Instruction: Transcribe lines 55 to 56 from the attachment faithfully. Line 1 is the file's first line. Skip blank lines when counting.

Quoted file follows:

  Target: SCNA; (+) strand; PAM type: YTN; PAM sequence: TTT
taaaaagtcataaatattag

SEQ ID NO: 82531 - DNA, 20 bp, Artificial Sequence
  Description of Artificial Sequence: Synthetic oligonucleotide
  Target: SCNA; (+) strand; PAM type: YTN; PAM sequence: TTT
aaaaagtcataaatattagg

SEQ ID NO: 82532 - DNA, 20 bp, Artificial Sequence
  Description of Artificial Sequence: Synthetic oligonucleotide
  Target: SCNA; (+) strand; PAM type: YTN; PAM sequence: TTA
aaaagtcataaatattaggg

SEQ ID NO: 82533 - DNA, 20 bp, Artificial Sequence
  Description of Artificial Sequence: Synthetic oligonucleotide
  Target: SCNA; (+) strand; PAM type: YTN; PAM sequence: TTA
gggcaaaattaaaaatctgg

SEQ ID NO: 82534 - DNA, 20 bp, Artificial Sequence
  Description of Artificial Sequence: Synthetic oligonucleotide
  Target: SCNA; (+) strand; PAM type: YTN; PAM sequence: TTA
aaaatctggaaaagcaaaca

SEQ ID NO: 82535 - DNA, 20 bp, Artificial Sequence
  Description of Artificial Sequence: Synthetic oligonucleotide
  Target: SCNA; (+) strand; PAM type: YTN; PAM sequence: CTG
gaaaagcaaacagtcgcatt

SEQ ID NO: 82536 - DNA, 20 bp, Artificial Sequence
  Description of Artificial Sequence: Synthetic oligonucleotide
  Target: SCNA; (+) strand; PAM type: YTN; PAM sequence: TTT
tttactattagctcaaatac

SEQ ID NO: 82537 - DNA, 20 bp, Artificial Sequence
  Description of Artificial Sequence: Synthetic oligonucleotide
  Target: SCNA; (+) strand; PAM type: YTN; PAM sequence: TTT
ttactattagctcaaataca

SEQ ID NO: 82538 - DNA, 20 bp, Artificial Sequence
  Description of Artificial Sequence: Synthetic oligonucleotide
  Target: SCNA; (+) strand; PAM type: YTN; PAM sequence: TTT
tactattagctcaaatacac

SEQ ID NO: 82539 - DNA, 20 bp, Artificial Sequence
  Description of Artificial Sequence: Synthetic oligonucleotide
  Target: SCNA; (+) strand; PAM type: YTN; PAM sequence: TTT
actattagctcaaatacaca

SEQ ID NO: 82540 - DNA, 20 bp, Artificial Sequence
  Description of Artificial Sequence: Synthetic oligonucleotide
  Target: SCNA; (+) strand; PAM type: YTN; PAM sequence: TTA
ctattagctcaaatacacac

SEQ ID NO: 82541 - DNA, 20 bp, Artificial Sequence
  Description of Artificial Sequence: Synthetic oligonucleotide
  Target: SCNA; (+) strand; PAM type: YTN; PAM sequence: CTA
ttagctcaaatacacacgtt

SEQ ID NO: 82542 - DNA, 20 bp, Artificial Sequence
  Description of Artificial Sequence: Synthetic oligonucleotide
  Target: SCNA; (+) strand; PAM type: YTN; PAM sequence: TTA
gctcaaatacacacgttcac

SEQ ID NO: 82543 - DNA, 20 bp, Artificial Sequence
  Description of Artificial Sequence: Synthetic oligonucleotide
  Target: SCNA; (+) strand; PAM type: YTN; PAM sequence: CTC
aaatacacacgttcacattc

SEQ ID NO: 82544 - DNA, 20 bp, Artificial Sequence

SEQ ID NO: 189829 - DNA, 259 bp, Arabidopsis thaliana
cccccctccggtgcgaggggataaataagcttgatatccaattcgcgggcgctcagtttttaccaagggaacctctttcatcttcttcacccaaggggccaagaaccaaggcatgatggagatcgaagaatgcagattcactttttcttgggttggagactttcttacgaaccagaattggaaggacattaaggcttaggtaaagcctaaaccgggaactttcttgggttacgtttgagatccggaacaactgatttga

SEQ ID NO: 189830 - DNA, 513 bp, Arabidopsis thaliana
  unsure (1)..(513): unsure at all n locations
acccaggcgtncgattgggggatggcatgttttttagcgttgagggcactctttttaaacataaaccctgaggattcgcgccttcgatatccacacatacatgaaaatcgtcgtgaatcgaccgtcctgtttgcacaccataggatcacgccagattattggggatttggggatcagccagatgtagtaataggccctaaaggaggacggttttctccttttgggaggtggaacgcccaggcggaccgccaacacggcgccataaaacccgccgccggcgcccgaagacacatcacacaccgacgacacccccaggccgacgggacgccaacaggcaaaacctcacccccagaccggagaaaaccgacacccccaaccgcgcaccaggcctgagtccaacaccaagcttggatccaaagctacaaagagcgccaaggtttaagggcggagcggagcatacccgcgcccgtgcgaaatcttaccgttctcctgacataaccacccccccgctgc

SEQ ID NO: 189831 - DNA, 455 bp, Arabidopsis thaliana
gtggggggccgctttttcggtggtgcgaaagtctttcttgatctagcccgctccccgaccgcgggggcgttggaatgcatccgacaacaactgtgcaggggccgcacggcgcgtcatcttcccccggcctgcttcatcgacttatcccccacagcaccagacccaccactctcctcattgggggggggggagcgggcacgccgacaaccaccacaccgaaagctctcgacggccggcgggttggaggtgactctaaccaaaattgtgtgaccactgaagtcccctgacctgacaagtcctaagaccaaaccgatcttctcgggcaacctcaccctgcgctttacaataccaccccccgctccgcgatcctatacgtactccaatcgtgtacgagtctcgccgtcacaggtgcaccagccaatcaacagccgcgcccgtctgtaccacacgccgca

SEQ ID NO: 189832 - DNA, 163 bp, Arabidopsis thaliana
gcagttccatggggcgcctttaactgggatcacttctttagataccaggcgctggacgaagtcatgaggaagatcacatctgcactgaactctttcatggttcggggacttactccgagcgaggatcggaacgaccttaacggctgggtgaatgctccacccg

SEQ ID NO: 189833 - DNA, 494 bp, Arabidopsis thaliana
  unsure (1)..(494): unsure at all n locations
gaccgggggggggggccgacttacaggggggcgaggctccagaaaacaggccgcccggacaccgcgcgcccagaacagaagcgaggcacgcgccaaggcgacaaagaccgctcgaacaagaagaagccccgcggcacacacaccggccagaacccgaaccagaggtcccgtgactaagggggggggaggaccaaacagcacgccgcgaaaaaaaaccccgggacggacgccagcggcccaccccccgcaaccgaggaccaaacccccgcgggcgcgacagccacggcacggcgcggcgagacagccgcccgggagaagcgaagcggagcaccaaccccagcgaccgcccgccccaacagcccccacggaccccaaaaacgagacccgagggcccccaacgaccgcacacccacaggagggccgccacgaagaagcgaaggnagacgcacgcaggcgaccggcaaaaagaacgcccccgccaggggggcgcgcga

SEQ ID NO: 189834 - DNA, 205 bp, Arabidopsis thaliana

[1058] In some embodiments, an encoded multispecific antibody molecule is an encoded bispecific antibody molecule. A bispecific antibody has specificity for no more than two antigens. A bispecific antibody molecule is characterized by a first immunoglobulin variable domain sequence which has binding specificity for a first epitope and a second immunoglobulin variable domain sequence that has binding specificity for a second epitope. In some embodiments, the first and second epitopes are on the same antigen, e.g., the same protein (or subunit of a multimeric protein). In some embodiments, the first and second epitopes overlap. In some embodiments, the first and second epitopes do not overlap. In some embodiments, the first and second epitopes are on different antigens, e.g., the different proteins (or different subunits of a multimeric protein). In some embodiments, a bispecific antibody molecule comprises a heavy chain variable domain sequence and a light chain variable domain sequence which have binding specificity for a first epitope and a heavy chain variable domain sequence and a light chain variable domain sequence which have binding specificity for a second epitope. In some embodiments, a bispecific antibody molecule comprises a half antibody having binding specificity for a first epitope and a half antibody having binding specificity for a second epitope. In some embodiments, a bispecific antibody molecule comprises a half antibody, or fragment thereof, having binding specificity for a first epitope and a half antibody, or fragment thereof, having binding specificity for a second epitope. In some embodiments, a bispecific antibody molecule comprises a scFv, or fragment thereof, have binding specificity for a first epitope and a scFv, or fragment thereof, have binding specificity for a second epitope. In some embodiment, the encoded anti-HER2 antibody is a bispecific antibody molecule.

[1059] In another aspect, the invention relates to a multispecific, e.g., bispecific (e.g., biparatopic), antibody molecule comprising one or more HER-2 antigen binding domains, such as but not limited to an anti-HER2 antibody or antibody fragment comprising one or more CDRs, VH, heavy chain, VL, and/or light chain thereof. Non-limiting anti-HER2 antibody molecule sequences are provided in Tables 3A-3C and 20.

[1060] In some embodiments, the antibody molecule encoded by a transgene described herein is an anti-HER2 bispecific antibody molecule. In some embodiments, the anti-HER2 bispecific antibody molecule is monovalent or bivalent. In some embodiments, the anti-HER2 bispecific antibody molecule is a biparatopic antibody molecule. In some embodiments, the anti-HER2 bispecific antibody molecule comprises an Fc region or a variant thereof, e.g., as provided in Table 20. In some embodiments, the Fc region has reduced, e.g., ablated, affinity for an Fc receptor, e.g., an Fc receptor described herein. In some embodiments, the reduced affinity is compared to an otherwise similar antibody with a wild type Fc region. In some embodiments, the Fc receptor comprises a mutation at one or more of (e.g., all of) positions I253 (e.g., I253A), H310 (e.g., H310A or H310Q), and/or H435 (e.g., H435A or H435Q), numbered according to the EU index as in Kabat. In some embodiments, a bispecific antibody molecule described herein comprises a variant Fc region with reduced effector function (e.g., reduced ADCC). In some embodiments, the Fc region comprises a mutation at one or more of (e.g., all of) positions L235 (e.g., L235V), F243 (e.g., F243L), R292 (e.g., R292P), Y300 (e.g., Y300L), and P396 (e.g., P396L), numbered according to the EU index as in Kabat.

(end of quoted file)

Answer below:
SEQ ID NO: 82544 - DNA, 20 bp, Artificial Sequence

SEQ ID NO: 189829 - DNA, 259 bp, Arabidopsis thaliana